• Good Bad Girl: Basically, Connie as a teenager. Annette expresses a certain envy that she couldn't be a bad girl herself.
  • Honest John's Dealership: Bobby implies that his dad runs a slightly more on-the-level version of this trope. The footage we see doesn't contradict him.
  • Important Haircut: At the end, when Bobby has decided his father isn't as appallingly uncool as he'd thought, he abandons his punk look for a copy of his father's style -- including getting his own "hair helmet".
  • In-Series Nickname: "The Big Kahuna"
  • Jukebox Musical
  • Large Ham: Bobby.
  • Musical World Hypotheses: The film seems mostly to run on the Diagetic Hypothesis, but there are some numbers which don't quite seem to work diagetically, such as Fishbone spontaneously breaking into song on the beach when Annette asks if they know how to Jamaica Ska.
  • Narrator: Bobby.
  • No Fourth Wall: Bobby's narration is explicitly given to the camera/audience.
  • No Name Given/Only Known by Their Nickname: Frankie Avalon's character is never given a name. He is only ever called by his nickname, "The Big Kahuna", and the credits list him as "Annette's Husband".
  • Non Sequitur Scene: Pee-wee Herman sweeping onto the beach, singing "Surfing Bird", and then flying away on a surfboard afterward.
  • Noodle Incident: Subverted and played with with "the surf accident".
  • Nostalgia Filter: Definitely in play with Frankie and Annette's attempts to recreate the good old days.
  • Overprotective Dad: Frankie toward Sandi.
  • The Pollyanna: Annette has elements of this in personality.
  • Product Placement: Lampshaded and played with; Annette's "one little quirk" is an obsession with Skippy peanut butter, which is apparently the basis of every lunch she makes. And when we see into her kitchen cabinets, one is completely filled with jars of Skippy. (At the time the film was made, Annette was appearing in a series of commercials for Skippy.)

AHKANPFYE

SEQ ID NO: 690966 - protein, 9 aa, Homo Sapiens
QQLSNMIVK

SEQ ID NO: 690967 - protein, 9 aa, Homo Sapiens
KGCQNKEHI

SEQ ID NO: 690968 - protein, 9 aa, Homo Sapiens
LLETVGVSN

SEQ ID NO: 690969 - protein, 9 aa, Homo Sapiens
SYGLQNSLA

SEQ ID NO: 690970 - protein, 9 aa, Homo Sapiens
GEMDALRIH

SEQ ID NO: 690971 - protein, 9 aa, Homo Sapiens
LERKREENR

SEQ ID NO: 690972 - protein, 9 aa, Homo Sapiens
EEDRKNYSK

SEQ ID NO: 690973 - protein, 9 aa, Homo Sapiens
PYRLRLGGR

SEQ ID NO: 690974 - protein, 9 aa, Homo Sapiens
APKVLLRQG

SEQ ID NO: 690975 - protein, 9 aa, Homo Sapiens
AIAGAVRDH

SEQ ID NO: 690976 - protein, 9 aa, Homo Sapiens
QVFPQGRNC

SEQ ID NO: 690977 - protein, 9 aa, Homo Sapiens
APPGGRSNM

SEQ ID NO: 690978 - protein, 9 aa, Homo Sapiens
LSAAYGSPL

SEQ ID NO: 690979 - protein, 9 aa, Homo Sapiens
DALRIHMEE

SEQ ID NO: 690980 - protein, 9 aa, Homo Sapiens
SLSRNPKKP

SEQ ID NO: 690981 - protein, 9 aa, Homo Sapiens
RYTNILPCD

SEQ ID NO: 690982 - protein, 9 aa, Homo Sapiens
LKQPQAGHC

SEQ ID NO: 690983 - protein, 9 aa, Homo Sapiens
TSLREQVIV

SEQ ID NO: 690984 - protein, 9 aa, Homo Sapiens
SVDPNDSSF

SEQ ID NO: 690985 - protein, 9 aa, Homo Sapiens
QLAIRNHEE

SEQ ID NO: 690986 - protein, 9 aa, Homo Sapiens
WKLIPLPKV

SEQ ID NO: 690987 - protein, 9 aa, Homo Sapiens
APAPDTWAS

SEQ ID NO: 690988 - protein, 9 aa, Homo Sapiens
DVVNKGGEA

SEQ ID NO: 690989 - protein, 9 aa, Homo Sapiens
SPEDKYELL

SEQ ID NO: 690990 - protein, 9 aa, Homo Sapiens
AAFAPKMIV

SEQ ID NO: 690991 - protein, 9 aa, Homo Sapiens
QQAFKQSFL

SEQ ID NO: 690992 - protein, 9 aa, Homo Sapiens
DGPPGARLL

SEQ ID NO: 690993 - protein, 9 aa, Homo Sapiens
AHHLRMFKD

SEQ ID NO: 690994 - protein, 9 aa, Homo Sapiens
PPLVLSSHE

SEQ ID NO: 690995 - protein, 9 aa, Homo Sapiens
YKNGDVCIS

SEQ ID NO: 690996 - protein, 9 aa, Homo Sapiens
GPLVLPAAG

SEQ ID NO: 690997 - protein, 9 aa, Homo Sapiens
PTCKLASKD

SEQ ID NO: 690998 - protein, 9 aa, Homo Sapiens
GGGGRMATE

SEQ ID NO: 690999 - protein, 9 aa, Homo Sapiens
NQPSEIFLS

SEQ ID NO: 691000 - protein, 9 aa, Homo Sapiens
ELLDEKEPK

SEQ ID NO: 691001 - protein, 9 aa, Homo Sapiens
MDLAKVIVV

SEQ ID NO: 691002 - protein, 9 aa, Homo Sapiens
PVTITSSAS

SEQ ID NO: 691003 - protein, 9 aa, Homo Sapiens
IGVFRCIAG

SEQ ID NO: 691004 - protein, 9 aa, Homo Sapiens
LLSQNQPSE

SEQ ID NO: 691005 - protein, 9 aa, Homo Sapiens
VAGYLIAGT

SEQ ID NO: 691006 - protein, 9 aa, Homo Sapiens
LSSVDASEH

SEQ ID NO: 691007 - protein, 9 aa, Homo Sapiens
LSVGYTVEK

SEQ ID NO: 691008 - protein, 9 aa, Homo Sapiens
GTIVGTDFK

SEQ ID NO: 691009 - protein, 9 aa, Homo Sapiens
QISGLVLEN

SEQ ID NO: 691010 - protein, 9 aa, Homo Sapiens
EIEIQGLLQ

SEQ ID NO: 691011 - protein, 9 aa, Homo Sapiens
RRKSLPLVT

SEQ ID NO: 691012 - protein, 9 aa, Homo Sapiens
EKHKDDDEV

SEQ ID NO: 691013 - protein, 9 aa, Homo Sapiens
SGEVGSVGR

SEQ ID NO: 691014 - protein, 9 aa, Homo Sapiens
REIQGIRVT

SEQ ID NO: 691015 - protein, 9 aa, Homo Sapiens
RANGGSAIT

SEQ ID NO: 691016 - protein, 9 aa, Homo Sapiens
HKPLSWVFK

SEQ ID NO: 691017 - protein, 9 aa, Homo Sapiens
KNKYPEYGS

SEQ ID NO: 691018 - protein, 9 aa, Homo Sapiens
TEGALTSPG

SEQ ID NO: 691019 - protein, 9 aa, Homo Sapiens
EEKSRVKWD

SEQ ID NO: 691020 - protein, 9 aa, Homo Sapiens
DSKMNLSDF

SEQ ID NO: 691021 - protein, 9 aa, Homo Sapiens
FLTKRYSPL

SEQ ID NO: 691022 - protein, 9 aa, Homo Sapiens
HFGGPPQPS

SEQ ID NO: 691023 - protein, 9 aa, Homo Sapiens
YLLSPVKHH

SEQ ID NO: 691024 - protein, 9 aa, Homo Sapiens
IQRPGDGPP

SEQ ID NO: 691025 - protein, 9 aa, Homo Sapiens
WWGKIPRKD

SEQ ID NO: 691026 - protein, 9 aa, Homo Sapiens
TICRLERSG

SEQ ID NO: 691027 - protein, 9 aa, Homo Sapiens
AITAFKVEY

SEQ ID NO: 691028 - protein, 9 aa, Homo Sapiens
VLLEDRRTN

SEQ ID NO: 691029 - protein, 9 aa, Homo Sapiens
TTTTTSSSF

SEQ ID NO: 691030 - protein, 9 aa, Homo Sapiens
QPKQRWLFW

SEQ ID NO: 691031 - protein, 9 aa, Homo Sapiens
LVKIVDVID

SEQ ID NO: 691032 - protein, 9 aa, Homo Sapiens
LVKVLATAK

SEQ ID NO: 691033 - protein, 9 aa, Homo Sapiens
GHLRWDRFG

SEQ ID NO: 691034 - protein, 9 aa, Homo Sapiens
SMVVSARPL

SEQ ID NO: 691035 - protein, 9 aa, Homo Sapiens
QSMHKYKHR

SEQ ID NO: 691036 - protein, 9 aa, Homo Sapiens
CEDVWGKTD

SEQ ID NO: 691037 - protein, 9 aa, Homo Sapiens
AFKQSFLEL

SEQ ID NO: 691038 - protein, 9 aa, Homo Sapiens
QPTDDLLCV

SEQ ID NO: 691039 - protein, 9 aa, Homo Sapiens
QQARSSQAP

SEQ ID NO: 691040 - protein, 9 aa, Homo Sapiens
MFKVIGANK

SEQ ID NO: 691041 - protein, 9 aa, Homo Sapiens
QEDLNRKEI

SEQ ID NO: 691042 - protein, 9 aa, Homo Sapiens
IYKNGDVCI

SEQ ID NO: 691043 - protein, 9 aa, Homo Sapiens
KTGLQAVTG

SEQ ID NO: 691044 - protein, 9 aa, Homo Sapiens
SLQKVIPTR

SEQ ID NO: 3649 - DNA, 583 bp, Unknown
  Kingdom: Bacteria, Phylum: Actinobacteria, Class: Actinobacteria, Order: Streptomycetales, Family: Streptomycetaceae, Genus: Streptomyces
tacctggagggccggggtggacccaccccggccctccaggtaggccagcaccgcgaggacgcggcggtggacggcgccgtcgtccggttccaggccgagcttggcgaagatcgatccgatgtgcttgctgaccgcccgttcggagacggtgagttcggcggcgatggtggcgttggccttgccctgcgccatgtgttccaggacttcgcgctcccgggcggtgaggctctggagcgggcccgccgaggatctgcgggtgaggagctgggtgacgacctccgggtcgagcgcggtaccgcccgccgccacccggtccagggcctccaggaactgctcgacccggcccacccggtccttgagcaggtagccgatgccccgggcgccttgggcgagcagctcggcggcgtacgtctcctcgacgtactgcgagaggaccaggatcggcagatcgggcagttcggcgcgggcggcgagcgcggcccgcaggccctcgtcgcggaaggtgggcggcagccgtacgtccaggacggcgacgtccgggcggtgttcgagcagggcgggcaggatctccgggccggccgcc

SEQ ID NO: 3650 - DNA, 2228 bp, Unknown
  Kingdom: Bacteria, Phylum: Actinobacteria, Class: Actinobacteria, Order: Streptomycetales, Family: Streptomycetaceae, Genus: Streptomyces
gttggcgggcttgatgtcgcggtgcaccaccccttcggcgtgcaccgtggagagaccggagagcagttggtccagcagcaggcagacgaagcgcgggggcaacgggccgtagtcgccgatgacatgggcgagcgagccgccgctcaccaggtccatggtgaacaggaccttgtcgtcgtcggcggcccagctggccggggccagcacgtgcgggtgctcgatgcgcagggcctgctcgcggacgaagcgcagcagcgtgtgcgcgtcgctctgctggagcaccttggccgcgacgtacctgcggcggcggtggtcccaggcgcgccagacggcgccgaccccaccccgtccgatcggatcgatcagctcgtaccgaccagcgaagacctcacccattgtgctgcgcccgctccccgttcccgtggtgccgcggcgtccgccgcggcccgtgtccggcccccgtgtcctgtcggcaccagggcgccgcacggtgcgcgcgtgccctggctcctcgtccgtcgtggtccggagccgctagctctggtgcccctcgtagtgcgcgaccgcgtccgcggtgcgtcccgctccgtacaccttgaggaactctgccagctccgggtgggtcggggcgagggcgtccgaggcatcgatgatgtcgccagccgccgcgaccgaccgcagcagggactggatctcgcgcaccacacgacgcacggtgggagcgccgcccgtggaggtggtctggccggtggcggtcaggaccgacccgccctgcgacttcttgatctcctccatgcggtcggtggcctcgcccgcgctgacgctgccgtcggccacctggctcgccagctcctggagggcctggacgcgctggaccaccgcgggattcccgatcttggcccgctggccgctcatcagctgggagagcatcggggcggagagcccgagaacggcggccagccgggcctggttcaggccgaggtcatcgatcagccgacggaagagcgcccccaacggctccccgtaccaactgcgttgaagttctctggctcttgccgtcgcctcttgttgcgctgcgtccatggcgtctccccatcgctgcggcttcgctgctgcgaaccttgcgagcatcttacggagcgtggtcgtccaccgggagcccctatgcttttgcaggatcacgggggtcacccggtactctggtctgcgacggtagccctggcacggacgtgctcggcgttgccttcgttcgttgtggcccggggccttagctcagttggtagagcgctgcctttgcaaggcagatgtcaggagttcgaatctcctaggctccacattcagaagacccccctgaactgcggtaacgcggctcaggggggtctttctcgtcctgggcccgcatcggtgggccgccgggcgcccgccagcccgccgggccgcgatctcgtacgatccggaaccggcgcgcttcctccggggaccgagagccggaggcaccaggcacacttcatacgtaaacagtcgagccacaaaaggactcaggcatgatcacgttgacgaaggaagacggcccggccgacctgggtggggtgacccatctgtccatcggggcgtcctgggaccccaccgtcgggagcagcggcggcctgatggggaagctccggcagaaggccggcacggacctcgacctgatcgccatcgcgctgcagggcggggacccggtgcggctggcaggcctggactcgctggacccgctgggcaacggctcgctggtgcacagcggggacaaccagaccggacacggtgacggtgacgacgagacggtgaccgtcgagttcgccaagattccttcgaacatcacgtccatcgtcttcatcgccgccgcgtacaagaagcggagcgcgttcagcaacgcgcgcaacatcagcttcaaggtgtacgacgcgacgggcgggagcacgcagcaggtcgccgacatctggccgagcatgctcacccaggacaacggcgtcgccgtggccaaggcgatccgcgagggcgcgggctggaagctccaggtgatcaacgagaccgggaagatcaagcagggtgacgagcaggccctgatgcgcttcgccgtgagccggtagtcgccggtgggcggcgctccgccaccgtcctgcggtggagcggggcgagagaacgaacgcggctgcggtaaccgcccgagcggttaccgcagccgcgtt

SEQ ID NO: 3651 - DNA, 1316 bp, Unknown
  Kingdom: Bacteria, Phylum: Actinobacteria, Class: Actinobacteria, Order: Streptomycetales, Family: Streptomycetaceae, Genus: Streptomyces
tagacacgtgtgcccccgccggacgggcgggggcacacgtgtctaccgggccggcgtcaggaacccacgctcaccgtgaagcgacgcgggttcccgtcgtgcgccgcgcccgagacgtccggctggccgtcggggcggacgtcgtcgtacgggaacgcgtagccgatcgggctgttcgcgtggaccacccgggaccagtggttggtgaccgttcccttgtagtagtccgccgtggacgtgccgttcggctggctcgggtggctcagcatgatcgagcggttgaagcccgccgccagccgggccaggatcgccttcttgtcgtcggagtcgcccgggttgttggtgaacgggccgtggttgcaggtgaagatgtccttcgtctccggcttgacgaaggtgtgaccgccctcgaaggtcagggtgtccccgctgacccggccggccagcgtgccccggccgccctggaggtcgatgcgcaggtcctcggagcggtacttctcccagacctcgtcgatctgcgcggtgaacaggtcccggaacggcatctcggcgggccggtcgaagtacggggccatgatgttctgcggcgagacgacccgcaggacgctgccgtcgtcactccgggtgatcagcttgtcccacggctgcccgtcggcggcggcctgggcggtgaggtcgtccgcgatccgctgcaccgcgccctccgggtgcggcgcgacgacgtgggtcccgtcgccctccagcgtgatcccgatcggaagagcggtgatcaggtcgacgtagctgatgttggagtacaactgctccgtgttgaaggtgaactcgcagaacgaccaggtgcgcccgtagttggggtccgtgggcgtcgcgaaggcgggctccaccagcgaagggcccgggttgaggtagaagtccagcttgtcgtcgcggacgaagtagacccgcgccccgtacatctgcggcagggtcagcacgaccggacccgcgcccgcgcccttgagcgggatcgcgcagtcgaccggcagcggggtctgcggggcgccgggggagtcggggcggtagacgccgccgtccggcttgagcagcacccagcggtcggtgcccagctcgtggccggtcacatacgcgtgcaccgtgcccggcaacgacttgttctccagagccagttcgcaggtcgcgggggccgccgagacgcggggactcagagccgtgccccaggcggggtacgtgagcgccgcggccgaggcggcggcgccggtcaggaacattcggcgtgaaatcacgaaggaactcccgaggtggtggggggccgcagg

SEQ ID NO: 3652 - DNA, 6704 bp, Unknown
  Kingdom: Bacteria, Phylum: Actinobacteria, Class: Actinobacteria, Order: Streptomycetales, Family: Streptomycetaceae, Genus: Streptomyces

• Punk: Bobby embraces a punk/Badass Biker look as part of his early-teen rebellion against his parents.
    • Later in the movie, a gang of beach punks vies for control of the beach and Bobby joins them.
    • In the opening credits, a babysitter hands off his charge to a large, unsavory-looking punk; a minute later, the baby has gone punk.
  • Recognition Failure: A variant occurs with a flight attendant, who recognizes Annette and Frankie, but remembers the latter as "The Big Chihuahua".
  • Self-Deprecation: This film was a long-standing project of Frankie Avalon's. The complete mess his character is in at the start was entirely his idea.
  • Ska: The basis of an entire musical number featuring Fishbone.
  • Small Reference Pools: Defied by Annette, who apparently knows far more about obscure or upcoming musical genres (like Ska) than her college-age daughter does.
  • Spontaneous Choreography: Justified in many cases, as it occurs at beach parties and seems to be common pre-existing dance steps. In another case, Annette teaches the dance as part of a song she's singing.
  • Surf Rock: Absolutely unavoidable in this film, especially since the patron saint of surf rock, Dick Dale, does an entire number with Frankie.
  • Surfer Dude: Frankie is Ye Originale Surfer Dude, and naturally the rest of the cast is lousy with them.
  • Tastes Like Diabetes: Frankie's unending stream of overly cute endearments for his daughter, which is bad enough to cause mass vomiting In-Universe.
  • Totally Radical: Some of the current surfer types come across this way.
    • Deliberately invoked by Pee-wee Herman during his performance of "Surfing Bird".
  • Vomit Indiscretion Shot: Frankie prompts the passengers of an entire plane to immediately throw up into their air sickness bags when the mention of his daughter's name sends him into a recitation of his overly-cute pet names for her.
  • Who Names Their Kid "Dude"?: Frankie wanted to name Bobby "Little Kahuna", bur apparently Annette talked him out of it.
  • World of Ham: Part of the Guilty Pleasure appeal of this film is just how goofily over-the-top so many of the performances are (and deliberately so).